Thread: relative clause

1. relative clause

Dear teachers,

Would you please tell me if my answers are correct?

I Combine the following sentence into one, using a relative pronoun.

At my school, English is taught by two teachers. These two teachers are not native speakers.
a) At my school, English is taught by two teachers, neither of whom is a native speaker.
b) At my … two teachers (,) who are not native speakers. (correct? Is the comma necessary ?)
c) At my … two teachers, both of whom are not native speakers. (correct? Can we use "both" with negative?)

Are the last 2 stces compatible with the initial one?

II Pick out the relative clauses and label them.
That’s the reason why she crammed everything she needed into a tiny bag which would fit underneath her plane seat.

Where do the relative clauses stop?

1) [why (relative adverb) she crammed ... (up to)
a) everything shed needed (?)]
b) … a tiny bag (?)]
c) ... the plane seat (?)] = defining relative clause.

Antecedent = the reason

2) a)[(underlying relative pronoun that) she needed (?)]
b) [she needed ... tiny bag (?) ]
c) [ she needed … the plane seat (?)]

= defining zero relative clause.

Antecedent = everything

3) [which (relative pronoun) would fit underneath her plane seat] = defining relative clause.

Antecedent = a tiny bag

I would be grateful if you could answer this set of questions as soon as possible.

Best regards,
Hela

2. At my school, English is taught by two teachers. These two teachers are not native speakers.
a) At my school, English is taught by two teachers, neither of whom is a native speaker.
b) At my  two teachers (,) who are not native speakers. (correct? Is the comma necessary ?)
c) At my  two teachers, both of whom are not native speakers. (correct? Can we use "both" with negative?)

a and b are fine (I'd use a comma here) - both with a negative doesn't sound too good.

3. Re: relative clause

Originally Posted by hela
Dear teachers,

Would you please tell me if my answers are correct?

I Combine the following sentence into one, using a relative pronoun.

At my school, English is taught by two teachers. These two teachers are not native speakers.
a) At my school, English is taught by two teachers, neither of whom is a native speaker.
b) At my  two teachers (,) who are not native speakers. (correct? Is the comma necessary ?)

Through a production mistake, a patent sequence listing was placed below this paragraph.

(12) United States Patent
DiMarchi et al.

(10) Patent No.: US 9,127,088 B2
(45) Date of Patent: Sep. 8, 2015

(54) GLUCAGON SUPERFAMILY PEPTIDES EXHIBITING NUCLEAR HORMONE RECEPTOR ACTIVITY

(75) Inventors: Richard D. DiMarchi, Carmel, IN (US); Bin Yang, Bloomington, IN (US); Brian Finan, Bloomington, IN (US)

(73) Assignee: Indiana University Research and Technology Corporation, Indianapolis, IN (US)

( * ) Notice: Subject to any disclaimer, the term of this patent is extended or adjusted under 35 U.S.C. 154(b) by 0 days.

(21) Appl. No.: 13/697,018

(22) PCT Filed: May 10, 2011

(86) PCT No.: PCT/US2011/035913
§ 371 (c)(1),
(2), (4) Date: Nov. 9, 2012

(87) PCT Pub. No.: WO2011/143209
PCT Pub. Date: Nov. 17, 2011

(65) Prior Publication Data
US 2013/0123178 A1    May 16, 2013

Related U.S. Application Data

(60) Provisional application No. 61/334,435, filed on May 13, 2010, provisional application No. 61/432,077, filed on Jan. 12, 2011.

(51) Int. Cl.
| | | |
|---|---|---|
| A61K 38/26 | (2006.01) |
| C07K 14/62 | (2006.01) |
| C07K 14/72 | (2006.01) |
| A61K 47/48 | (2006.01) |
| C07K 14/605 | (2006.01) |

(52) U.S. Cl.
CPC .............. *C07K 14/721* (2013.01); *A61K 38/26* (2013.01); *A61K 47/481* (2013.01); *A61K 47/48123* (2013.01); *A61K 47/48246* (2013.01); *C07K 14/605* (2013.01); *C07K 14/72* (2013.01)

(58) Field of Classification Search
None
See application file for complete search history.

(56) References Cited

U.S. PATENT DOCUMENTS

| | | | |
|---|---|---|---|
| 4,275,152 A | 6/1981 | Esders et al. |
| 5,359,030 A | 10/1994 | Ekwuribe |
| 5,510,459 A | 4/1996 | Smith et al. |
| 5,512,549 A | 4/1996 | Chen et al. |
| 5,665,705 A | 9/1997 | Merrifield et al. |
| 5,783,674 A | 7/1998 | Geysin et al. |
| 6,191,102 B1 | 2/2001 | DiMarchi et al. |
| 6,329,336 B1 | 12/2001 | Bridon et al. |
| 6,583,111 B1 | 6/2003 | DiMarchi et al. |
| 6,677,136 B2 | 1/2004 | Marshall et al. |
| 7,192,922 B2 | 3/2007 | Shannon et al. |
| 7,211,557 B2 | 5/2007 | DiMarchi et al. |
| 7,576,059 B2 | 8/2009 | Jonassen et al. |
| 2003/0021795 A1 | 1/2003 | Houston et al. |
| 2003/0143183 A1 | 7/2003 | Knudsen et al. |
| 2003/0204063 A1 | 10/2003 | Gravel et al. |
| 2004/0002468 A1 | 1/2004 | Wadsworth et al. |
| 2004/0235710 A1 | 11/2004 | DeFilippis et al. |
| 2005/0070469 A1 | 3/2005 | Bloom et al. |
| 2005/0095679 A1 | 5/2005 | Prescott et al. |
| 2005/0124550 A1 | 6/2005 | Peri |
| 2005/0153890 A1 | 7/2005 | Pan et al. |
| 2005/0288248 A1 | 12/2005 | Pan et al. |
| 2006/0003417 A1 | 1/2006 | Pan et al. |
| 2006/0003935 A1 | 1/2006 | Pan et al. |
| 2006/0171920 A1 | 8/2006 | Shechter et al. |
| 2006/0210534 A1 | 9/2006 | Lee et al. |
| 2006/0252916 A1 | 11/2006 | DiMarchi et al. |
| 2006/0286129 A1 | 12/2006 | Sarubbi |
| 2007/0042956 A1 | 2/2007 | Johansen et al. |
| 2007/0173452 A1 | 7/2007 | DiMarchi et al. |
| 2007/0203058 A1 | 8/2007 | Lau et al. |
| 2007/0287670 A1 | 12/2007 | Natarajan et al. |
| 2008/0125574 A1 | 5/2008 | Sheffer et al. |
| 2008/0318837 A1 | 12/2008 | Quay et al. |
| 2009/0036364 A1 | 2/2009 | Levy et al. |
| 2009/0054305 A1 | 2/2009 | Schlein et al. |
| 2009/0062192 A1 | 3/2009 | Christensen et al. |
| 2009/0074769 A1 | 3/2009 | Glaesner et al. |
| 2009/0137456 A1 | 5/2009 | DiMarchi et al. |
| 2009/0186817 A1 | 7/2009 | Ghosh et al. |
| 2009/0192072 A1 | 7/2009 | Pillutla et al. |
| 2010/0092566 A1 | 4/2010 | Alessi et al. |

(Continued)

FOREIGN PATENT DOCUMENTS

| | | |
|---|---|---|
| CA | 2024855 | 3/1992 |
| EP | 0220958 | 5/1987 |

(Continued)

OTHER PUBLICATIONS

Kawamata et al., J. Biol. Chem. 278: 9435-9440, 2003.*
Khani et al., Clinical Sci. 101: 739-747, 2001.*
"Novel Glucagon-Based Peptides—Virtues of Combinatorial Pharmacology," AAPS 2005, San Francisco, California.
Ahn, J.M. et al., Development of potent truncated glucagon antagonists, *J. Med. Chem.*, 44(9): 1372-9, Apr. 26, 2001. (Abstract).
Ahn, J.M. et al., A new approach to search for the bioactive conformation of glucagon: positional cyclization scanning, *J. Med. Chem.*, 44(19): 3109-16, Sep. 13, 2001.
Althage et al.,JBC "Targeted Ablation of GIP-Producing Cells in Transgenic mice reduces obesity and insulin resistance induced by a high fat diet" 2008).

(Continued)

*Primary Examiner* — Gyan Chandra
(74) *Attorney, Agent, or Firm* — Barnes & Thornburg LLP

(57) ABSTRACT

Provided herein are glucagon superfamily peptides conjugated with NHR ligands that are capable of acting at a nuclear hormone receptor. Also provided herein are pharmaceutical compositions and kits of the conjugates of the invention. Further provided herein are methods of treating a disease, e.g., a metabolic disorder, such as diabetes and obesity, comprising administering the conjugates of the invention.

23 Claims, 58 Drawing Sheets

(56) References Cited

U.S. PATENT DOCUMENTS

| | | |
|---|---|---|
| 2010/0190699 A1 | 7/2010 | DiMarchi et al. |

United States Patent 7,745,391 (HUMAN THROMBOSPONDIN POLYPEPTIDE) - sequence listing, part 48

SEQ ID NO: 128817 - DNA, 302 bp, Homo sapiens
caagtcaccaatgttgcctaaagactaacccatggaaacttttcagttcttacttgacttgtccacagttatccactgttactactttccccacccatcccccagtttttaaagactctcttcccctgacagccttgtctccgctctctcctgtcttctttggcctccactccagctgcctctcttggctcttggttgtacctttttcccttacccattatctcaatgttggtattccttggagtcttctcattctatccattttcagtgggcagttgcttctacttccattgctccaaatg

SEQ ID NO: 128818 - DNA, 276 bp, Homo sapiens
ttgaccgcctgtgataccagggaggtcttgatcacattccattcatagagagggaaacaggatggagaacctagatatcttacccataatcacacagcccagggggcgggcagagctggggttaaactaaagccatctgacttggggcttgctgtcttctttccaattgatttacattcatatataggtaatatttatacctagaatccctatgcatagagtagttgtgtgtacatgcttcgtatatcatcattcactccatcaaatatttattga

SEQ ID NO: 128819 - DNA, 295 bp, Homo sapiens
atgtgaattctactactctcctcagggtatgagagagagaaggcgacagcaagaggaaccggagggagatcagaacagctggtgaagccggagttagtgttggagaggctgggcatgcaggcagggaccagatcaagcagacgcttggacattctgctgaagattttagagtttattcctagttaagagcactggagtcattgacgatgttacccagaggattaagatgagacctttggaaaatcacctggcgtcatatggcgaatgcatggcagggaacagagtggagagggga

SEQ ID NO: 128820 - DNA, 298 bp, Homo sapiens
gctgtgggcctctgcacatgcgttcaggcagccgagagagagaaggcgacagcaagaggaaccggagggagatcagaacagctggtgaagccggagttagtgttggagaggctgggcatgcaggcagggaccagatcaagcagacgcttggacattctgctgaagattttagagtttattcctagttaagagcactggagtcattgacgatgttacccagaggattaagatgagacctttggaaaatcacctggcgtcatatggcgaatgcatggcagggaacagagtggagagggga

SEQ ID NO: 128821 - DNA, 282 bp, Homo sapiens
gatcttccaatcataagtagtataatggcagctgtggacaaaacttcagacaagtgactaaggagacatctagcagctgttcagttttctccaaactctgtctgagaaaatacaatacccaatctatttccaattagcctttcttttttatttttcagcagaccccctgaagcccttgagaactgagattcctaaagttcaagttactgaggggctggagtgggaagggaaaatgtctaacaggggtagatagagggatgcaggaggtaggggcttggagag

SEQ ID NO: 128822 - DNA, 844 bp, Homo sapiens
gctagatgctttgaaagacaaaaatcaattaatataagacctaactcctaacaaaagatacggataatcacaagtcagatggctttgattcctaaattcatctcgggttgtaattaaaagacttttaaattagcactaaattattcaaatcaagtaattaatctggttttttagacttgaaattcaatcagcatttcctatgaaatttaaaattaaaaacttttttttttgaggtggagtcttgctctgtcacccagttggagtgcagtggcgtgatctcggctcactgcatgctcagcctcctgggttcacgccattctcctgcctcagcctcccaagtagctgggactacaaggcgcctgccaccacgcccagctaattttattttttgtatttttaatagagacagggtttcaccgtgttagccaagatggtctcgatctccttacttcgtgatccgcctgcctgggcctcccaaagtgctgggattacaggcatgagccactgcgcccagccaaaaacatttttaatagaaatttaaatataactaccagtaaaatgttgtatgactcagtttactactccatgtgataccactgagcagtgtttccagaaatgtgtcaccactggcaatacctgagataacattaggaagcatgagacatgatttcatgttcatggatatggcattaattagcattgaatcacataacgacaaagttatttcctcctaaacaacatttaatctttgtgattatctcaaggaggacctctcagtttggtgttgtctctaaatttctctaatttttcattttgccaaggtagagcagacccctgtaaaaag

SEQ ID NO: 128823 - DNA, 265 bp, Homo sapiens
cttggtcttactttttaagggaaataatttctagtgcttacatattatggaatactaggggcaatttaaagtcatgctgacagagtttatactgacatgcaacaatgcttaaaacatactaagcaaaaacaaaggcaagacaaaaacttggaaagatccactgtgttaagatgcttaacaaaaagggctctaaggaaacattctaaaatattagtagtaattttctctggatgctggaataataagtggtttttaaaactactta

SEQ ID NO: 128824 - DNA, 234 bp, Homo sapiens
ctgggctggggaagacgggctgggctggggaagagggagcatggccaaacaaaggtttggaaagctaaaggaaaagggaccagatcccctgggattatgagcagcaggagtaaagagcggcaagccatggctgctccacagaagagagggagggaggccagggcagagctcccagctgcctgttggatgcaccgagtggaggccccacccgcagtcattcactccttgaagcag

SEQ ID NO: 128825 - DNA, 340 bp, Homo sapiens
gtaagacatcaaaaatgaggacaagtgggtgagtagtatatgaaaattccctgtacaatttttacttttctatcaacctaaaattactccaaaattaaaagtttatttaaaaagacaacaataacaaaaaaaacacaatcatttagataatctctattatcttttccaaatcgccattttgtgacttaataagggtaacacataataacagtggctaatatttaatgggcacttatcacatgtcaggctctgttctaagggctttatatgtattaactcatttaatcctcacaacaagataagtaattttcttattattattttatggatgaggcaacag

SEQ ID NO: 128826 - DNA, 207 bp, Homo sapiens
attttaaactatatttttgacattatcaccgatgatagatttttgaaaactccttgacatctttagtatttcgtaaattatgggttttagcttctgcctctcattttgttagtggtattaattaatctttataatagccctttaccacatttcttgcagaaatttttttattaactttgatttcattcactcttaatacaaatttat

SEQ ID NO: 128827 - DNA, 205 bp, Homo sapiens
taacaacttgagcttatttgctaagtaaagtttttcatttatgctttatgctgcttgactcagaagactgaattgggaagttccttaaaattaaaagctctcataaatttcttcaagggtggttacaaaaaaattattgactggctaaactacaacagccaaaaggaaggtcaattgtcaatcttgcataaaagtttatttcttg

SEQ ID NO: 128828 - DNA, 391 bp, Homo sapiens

c) At my  two teachers, both of whom are not native speakers. (correct? Can we use "both" with negative?)
I agree with TDOL. A and B are good. C is not so good. I wopuld not use the comma after teachers in B. This is a restrictive clause that defines the teachers.

II Pick out the relative clauses and label them.
Thats the reason why she crammed everything she needed into a tiny bag which would fit underneath her plane seat.

Where do the relative clauses stop?

1) [why (relative adverb) she crammed ... (up to)
a) everything shed needed (?)]
b)  a tiny bag (?)]
c) ... the plane seat (?)] = defining relative clause.

Antecedent = the reason

2) a)[(underlying relative pronoun that) she needed (?)]
b) [she needed ... tiny bag (?) ]
c) [ she needed  the plane seat (?)]

= defining zero relative clause.

Antecedent = everything

3) [which (relative pronoun) would fit underneath her plane seat] = defining relative clause.

Antecedent = a tiny bag

I would be grateful if you could answer this set of questions as soon as possible.

Best regards,
Hela
I don't like the use of the relative adverb here. It would be better to use "that". There are three relative clauses there.

1. that/why she crammed everything (modifies reason)
2. (that) she needed (modifies everything)
3. which would fit under her seat (modifies bag)

4. It sounded non-defining to me, but it could go either way.

5. Originally Posted by tdol
It sounded non-defining to me, but it could go either way.
You're right; I can see it either way, now. :wink:

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